The Power of the 'Like'

CONTENT WARNING: Body Image

Early in July, Instagram implemented a change to its platform in several countries across the globe, including Australia. This update saw the number of likes on any given post disappear from user’s profiles, with numbers only being seen by the user themselves. For everyone else, there is no numerical value attached to likes. While a list of all those who liked the post is still available for all users, the only way of finding out the number of likes would be to physically scroll through and count every user listed.

While removing a number may seem like a minor change to those not familiar with ‘the gram’, this change has led to a widespread discussion about the power of the like and the potential ramifications this move may have on the broader functions of Instagram.

In less than 10 years of Instagram’s existence, it has transformed itself into a verifiable marketplace for selling oneself. ‘Influencers’, as they are called, have built careers out of monetising their followings. Whether it’s brand collaborations or sponsored posts, Instagram has become a legitimate career path, especially for women. And this is a career path based on selling yourself. Your body, your children, your home; every aspect of your life is fair game. This use of Instagram has undoubtedly had a trickle-down effect on your average Instagram user. While they may not have the same massive following or likes as the influencers, they can feel all the same pressures within their own use of Instagram. 

This is where Instagram becomes potentially problematic. While women have always endured pressure over their bodies and appearances, Instagram allowed these pressures to be numericised. With the rise of these platforms, people of all genders are being held to an increasingly specific image of beauty. And many people feel the need to expose themselves in order to achieve this aesthetic. While this analysis is certainly not scientific, before likes were removed, my curiosity was sparked by something I posted on my own Instagram that led me to investigate a trend. If you look at any women’s feed, the overwhelming trend appears to be that the less clothing worn, the more likes a post receives. My amateur investigation found that swimwear shots were always very successful by the ‘like’ metric. While there is certainly nothing wrong with loving your body and sharing it on Instagram, it becomes concerning when women are posting this kind of content not only in the shallow pursuit of likes but also self-worth. It is certainly a grim future when women receive sustenance for their self-esteem through the rolling in of likes, often from strangers who are trolling their public accounts.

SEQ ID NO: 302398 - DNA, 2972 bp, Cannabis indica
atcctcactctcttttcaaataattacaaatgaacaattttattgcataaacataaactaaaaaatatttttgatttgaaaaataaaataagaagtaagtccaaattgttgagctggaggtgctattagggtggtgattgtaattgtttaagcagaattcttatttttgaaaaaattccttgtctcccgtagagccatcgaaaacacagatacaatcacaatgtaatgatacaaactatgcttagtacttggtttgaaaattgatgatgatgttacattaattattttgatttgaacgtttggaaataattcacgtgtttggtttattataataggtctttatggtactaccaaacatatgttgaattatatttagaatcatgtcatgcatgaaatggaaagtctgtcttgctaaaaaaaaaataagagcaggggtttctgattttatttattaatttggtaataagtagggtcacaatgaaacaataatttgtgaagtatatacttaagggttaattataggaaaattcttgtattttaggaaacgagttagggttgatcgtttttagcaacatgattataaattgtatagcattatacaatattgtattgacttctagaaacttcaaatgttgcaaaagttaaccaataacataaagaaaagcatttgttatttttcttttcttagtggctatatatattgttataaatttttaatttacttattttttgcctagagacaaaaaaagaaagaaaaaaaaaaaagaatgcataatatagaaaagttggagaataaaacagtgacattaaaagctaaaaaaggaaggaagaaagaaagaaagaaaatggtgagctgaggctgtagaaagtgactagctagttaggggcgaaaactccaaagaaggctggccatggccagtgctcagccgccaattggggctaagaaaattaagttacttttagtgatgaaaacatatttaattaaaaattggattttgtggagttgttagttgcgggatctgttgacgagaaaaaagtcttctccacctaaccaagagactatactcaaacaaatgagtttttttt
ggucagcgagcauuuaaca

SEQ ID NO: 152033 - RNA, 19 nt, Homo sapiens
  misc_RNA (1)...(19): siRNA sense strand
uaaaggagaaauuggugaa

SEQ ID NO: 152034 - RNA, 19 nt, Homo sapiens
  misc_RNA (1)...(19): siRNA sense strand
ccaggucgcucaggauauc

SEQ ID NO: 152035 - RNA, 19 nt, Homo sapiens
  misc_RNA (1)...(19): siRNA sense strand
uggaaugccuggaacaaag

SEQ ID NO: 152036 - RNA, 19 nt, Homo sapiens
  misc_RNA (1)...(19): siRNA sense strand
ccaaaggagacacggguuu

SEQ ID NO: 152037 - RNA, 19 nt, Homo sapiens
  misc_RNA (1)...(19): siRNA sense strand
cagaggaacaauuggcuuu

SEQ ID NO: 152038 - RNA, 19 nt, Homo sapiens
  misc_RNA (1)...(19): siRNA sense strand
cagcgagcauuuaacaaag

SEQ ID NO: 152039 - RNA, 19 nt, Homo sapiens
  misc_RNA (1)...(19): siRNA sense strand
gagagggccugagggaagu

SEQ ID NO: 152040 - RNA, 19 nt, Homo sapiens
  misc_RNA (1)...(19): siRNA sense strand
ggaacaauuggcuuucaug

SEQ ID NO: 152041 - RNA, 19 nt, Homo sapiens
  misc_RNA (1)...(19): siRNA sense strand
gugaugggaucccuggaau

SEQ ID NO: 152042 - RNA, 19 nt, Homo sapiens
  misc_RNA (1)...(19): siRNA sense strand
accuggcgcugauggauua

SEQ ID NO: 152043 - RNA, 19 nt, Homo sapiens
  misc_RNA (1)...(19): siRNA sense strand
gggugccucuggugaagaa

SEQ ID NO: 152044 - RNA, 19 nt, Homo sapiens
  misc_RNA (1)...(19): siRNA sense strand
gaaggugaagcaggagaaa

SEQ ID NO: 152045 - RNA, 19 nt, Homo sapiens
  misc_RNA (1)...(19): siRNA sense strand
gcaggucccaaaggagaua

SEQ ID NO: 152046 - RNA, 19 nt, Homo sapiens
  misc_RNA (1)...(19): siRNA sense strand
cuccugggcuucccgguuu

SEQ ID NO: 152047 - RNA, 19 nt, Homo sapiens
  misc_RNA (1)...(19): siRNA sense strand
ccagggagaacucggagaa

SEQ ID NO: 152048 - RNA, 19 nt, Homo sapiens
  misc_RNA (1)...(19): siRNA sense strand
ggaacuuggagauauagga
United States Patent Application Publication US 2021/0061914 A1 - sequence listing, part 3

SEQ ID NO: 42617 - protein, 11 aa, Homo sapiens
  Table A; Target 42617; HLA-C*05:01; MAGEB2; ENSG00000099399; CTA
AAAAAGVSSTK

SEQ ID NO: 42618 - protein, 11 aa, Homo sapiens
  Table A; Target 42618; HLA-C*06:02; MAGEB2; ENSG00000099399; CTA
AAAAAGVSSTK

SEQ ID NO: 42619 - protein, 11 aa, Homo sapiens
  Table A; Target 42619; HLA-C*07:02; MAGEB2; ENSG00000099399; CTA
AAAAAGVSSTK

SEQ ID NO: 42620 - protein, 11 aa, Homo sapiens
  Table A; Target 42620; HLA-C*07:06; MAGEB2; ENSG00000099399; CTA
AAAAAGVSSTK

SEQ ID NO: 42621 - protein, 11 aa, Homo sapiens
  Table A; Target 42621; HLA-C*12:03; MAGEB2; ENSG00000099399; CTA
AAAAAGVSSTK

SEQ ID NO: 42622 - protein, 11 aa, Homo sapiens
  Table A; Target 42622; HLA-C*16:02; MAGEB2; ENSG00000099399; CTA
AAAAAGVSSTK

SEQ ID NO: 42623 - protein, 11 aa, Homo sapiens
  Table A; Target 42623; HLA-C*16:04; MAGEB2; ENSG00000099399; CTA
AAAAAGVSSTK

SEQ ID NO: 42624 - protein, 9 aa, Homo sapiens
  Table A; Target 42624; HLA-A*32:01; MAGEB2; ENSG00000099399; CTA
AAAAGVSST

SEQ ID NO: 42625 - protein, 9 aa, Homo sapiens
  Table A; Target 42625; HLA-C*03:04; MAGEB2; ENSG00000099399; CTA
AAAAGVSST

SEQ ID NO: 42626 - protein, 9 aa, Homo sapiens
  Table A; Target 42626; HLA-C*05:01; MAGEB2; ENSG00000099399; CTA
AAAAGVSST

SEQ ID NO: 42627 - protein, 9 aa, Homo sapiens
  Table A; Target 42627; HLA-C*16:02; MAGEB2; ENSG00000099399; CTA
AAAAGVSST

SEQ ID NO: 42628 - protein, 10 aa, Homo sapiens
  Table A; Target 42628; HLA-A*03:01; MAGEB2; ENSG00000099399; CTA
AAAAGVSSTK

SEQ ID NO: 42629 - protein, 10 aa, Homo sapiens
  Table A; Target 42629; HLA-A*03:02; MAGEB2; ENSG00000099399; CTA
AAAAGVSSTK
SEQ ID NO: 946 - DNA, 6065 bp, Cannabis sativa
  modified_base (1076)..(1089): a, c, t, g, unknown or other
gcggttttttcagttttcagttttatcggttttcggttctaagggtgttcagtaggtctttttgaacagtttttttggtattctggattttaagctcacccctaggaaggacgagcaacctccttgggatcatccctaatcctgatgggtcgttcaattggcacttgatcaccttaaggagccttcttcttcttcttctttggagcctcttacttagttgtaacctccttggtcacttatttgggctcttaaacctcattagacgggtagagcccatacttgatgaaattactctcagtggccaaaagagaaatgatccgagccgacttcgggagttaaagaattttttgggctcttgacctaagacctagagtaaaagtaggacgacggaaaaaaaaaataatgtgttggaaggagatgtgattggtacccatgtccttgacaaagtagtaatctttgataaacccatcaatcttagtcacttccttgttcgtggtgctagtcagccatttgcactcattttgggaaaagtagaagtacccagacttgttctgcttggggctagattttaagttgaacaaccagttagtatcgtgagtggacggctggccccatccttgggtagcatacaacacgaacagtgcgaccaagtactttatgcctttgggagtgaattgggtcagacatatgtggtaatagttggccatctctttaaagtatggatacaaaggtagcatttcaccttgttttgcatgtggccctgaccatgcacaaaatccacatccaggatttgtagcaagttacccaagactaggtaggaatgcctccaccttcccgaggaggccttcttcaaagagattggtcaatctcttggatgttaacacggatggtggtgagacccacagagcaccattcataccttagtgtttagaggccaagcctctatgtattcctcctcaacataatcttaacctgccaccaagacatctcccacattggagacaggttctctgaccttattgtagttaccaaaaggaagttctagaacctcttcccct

The real question at hand is, will anything change now that we can’t see how many likes posts receive? While we can’t be sure that this will have a positive impact on the psyche surrounding our use of Instagram, I can safely say if there is an impact, it will be a positive one. It’s hard to know whether the obsession over likes comes from the likes themselves, or the knowledge that other people see the likes you receive on any given post. If it’s the latter, we can expect that this will bring a great deal of positivity to Instagram, where people no longer feel tied to maintaining a certain aesthetic to appease the ‘like gods’.

While it is tempting to give Instagram, and by extension, their owners Facebook, a pat on the back for their social responsibility in identifying and addressing the damage a like can do, it is also very possible that this move is entirely selfish. It has been suggested that Instagram is attempting to reharness its marketing potential to ensure that it receives a cut of influencer profits, and that the removal of likes may just be an attempt to further control that sphere.

Regardless of motivations, it does seem like this is a step in the right direction in making Instagram a healthier platform for all users, and just for that, I welcome the change with open arms.